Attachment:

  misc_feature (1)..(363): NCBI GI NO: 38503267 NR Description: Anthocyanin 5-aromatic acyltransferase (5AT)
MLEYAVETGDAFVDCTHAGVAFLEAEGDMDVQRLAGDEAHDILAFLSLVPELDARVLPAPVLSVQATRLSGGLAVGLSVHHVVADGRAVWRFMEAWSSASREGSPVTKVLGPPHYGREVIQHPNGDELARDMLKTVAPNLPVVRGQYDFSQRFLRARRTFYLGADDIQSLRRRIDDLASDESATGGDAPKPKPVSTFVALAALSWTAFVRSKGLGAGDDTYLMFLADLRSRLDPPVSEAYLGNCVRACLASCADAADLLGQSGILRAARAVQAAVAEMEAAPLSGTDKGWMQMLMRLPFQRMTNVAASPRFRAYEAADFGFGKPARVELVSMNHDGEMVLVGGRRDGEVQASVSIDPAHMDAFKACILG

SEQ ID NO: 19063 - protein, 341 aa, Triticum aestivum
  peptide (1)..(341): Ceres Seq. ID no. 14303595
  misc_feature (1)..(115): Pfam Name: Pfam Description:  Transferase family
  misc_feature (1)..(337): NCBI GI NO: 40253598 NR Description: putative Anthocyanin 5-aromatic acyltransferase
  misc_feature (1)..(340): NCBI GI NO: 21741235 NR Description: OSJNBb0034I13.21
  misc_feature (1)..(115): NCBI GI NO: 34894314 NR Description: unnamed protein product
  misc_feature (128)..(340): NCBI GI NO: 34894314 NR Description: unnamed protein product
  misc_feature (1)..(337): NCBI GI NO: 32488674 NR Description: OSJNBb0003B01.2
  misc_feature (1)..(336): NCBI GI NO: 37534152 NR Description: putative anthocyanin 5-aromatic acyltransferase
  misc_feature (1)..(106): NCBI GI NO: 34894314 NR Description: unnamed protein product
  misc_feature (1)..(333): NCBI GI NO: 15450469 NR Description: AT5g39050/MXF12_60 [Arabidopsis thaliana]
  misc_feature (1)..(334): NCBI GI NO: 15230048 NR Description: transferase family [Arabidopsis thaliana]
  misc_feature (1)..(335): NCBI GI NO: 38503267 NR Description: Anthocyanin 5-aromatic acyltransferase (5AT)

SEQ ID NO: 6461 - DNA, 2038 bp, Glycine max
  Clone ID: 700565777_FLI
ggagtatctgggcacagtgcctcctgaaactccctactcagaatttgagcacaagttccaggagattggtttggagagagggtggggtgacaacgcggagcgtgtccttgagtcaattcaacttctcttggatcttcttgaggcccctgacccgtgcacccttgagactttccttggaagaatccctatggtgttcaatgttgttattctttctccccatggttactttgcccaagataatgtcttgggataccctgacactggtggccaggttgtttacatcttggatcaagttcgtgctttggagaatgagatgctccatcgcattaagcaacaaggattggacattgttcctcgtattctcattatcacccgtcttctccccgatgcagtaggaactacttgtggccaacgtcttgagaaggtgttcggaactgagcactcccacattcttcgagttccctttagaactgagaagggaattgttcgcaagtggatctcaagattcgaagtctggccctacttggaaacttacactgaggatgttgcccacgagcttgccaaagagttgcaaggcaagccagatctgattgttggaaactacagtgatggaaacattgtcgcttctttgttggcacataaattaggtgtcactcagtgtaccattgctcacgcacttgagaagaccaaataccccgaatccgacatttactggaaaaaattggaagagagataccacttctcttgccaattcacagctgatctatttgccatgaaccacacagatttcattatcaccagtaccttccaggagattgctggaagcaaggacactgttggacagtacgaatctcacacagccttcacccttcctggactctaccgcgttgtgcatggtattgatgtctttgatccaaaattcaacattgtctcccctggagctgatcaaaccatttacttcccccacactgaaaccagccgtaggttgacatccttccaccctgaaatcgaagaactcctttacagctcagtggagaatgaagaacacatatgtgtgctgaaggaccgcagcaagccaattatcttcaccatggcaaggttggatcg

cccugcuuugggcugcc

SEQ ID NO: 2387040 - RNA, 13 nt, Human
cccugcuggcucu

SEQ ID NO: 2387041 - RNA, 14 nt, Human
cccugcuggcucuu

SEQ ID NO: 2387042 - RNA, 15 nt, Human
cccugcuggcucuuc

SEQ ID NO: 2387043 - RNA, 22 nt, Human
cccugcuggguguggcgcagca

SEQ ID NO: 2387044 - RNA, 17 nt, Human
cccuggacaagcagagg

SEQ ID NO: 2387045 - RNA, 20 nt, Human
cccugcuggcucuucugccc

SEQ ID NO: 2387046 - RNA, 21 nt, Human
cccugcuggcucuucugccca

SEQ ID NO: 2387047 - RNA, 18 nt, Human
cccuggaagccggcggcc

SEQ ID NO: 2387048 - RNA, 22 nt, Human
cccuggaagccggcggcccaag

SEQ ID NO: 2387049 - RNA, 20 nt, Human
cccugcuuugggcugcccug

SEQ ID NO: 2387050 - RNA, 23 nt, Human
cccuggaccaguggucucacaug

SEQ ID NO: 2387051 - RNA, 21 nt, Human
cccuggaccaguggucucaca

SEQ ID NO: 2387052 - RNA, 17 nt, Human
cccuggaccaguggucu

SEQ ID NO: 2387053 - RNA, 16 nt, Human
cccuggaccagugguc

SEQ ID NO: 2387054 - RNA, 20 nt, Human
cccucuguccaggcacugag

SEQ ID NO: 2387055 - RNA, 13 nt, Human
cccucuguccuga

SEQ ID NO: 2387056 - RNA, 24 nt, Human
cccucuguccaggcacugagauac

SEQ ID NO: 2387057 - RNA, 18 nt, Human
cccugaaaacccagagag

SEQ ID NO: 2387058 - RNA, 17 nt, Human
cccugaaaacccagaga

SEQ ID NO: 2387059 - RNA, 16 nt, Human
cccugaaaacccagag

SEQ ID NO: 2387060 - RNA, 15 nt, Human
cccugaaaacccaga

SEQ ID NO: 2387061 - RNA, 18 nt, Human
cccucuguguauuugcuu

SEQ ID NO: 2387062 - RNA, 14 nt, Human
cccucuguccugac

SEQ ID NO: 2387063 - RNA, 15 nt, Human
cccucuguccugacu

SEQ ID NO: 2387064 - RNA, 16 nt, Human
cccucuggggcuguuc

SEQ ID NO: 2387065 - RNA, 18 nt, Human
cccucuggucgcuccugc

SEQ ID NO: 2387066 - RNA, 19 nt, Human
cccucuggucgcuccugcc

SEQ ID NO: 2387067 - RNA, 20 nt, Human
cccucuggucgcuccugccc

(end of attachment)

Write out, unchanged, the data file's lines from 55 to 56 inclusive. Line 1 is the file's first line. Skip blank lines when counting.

cccugaaaacccagagag

SEQ ID NO: 2387058 - RNA, 17 nt, Human